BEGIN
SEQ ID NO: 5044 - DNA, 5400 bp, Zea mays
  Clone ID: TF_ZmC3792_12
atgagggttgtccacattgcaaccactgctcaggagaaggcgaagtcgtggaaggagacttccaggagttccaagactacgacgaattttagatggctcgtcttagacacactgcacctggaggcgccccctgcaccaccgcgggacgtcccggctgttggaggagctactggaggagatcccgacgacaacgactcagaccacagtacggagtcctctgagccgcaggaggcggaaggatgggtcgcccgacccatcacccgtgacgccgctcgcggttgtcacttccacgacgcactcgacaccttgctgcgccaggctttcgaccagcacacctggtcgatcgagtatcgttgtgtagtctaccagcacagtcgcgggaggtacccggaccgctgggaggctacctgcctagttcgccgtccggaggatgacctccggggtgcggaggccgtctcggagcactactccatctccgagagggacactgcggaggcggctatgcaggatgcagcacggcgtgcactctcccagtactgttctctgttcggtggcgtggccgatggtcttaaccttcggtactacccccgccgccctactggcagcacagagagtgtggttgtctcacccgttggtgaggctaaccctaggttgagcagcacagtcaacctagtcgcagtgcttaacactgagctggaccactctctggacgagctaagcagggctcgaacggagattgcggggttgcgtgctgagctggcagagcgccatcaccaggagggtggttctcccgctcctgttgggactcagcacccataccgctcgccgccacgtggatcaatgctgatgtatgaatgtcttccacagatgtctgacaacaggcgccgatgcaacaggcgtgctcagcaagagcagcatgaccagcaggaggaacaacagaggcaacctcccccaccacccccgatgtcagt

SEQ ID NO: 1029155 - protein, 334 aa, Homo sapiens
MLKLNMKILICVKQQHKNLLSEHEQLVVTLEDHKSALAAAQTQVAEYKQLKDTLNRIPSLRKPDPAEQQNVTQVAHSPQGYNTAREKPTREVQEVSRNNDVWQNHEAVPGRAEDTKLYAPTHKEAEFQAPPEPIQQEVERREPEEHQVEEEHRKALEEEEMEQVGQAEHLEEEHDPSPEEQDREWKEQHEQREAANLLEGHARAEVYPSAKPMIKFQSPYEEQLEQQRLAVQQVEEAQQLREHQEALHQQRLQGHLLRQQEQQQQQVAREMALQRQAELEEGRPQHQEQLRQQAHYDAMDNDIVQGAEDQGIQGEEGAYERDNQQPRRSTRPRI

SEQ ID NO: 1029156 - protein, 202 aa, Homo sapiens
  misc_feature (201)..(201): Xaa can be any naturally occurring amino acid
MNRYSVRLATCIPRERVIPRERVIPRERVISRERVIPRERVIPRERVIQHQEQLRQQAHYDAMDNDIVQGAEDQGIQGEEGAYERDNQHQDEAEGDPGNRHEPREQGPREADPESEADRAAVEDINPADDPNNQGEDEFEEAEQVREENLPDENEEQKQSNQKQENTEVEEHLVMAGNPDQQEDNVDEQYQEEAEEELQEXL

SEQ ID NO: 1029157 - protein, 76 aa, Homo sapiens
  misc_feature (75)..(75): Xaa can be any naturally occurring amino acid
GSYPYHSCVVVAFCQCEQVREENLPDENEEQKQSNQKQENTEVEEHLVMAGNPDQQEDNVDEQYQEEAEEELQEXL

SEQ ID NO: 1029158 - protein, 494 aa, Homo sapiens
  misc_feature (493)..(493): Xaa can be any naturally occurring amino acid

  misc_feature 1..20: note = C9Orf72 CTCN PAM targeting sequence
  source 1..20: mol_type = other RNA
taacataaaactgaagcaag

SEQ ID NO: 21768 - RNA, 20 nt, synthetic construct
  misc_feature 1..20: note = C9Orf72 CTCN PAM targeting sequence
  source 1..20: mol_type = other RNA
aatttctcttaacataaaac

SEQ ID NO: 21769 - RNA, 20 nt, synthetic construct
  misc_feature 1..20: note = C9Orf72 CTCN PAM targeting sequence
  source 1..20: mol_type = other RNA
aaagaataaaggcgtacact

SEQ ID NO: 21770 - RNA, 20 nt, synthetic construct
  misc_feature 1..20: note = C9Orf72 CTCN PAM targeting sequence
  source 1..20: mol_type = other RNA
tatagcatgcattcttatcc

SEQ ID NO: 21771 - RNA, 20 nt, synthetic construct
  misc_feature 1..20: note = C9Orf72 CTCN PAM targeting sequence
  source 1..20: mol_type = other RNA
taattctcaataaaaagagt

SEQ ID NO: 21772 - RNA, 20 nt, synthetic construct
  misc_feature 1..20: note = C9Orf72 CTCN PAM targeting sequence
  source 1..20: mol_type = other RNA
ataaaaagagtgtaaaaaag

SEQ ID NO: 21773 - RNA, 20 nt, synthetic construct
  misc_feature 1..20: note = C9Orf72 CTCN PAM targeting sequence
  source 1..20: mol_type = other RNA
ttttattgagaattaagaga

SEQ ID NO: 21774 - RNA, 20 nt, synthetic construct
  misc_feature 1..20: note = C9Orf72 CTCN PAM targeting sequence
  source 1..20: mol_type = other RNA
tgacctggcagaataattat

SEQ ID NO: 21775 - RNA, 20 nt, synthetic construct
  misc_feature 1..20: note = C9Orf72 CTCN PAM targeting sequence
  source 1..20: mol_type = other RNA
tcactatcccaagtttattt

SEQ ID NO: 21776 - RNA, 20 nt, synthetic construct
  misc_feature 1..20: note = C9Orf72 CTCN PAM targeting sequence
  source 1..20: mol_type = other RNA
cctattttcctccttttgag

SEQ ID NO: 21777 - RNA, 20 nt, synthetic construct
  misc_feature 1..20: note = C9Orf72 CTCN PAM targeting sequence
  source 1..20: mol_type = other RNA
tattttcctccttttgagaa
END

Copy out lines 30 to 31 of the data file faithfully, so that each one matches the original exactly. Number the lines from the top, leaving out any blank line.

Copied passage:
  misc_feature 1..20: note = C9Orf72 CTCN PAM targeting sequence
  source 1..20: mol_type = other RNA